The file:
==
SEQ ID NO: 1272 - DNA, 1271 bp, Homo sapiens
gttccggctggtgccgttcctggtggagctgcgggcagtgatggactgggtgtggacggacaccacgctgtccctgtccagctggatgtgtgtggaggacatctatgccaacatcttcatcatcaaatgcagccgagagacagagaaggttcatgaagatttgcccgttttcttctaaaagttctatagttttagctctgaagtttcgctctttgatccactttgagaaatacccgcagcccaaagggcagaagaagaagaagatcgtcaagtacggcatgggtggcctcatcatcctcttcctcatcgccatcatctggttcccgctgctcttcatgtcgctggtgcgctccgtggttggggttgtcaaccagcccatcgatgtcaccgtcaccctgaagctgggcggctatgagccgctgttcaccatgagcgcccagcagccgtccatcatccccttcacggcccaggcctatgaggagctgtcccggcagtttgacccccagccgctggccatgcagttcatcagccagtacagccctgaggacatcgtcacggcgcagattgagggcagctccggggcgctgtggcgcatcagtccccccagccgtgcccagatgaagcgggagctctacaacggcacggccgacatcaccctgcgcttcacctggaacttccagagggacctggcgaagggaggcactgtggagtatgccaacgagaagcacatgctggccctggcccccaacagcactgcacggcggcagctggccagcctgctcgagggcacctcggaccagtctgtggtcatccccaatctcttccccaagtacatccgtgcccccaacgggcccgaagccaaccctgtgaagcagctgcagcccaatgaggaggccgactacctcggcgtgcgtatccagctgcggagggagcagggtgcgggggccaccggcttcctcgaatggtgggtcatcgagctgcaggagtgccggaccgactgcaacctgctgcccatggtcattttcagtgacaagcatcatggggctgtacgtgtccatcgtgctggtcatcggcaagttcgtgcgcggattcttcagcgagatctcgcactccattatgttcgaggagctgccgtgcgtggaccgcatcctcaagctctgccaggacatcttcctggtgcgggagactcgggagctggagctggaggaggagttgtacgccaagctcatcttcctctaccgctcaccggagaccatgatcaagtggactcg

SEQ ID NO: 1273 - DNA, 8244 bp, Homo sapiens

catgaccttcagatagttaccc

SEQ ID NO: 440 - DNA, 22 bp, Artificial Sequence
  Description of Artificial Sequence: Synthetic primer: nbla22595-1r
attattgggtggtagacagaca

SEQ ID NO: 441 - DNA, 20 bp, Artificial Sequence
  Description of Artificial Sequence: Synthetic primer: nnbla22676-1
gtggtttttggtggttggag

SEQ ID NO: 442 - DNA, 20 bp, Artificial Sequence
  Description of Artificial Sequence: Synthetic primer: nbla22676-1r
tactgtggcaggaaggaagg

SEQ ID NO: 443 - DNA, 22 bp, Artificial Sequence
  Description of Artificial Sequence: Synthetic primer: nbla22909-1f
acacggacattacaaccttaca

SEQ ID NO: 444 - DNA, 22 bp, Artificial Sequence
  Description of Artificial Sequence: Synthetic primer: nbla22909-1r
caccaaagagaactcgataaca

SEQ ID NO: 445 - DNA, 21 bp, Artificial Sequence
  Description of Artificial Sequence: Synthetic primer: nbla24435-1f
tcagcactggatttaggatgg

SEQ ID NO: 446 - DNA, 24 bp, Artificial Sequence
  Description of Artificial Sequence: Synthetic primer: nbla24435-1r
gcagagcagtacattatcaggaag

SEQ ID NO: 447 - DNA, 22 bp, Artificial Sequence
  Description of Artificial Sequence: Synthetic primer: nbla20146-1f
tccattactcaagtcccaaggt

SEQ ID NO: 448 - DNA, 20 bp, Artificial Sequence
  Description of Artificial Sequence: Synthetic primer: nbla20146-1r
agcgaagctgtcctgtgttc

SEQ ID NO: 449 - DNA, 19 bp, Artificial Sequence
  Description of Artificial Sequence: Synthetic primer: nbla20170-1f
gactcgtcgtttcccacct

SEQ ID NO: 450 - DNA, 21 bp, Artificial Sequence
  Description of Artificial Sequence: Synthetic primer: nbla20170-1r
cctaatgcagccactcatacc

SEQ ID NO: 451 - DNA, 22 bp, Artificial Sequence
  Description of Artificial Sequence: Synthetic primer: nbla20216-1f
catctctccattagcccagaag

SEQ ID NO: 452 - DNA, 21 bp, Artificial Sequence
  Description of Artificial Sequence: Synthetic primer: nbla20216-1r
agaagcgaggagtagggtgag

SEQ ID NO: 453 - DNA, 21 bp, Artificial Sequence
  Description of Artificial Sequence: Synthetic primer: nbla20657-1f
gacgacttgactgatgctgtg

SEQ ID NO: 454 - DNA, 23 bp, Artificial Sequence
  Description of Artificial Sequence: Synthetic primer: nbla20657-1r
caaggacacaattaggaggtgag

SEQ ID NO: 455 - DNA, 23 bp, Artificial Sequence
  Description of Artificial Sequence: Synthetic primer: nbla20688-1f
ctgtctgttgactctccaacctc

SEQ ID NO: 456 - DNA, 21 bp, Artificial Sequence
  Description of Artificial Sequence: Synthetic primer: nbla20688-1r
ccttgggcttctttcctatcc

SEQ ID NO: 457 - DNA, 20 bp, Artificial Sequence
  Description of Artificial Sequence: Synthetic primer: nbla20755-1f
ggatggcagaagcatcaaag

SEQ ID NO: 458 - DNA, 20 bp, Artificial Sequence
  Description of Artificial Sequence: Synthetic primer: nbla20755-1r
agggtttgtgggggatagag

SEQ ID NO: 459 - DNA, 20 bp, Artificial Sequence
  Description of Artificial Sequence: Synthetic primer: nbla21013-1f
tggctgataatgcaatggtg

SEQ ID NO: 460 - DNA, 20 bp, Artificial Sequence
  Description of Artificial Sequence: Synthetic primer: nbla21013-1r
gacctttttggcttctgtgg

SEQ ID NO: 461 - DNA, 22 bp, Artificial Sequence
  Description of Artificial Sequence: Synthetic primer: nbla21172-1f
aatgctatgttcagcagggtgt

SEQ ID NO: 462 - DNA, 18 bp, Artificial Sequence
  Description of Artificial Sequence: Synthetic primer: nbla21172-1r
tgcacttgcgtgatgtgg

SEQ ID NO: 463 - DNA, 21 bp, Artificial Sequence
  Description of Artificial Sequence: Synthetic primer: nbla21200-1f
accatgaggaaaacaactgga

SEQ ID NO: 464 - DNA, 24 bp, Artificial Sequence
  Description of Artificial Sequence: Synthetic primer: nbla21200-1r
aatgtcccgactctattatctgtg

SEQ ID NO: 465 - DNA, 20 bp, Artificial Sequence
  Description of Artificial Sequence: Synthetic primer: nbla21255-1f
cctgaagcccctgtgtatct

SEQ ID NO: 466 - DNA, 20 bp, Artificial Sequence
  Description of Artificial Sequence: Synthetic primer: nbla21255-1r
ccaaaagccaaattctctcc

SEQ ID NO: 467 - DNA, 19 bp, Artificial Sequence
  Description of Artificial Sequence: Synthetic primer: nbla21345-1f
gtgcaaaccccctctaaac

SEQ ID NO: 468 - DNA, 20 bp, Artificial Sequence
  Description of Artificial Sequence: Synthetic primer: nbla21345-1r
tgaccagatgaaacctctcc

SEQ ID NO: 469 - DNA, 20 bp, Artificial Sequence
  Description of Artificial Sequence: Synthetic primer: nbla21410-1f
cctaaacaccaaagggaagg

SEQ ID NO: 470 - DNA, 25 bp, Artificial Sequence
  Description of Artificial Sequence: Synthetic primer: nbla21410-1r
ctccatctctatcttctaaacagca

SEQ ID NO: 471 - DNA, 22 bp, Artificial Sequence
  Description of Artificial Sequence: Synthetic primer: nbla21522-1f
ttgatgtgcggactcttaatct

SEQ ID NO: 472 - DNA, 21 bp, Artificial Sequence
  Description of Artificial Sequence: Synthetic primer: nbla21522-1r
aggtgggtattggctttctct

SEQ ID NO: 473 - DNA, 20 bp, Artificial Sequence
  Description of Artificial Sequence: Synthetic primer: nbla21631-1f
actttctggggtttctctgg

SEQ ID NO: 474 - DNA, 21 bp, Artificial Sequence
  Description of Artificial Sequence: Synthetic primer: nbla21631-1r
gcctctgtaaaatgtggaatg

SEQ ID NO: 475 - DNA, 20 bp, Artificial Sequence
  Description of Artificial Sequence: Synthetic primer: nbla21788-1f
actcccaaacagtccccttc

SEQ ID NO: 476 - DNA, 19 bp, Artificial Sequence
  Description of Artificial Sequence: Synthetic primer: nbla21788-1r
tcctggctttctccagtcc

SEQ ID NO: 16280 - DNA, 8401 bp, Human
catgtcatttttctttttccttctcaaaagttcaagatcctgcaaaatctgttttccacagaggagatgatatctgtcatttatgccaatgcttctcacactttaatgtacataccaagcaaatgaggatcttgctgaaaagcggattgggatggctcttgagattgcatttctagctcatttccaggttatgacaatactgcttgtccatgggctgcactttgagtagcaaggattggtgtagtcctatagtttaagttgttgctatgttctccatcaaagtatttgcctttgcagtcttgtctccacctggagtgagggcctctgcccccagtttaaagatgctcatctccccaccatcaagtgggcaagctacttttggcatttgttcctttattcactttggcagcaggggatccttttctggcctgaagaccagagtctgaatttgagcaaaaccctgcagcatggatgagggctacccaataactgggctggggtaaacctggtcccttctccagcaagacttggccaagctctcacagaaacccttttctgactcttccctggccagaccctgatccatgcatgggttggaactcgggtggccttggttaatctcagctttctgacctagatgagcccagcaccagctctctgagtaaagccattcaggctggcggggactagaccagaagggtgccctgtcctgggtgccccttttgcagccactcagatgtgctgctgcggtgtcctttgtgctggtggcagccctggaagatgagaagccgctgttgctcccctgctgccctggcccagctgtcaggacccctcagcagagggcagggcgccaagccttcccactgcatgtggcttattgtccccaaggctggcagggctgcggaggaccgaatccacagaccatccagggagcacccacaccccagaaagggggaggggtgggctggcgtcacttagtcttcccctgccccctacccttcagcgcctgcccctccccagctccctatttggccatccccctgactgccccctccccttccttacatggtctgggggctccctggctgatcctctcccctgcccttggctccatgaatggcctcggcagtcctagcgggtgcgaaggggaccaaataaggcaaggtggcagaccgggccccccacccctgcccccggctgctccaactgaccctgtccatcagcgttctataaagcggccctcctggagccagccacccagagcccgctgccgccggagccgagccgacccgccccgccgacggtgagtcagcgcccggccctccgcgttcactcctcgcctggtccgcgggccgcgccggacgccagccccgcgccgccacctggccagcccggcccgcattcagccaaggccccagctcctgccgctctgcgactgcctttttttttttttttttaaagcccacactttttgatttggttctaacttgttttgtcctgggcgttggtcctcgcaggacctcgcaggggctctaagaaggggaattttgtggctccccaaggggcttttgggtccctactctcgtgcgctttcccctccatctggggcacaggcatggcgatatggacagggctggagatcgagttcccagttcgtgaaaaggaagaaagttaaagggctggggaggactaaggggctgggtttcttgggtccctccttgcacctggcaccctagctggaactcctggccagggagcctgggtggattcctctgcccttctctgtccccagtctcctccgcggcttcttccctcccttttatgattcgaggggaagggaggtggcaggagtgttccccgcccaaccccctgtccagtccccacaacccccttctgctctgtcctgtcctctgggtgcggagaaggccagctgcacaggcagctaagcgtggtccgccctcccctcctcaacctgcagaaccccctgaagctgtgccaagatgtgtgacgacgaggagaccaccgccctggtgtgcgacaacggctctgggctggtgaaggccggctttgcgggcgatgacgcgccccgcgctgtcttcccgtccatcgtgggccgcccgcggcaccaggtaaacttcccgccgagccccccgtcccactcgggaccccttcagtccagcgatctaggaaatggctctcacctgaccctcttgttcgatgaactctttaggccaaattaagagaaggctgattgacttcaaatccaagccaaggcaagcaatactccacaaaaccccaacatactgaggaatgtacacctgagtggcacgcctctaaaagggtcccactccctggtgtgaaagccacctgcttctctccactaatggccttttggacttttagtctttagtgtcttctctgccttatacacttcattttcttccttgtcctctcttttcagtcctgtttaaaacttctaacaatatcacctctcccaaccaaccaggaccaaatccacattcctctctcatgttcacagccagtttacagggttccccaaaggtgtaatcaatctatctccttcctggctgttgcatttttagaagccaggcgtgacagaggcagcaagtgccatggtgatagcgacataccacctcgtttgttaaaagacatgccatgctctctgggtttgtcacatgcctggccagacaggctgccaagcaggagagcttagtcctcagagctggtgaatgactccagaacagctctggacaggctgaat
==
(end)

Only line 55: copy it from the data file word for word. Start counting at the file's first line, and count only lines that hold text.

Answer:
ccttgggcttctttcctatcc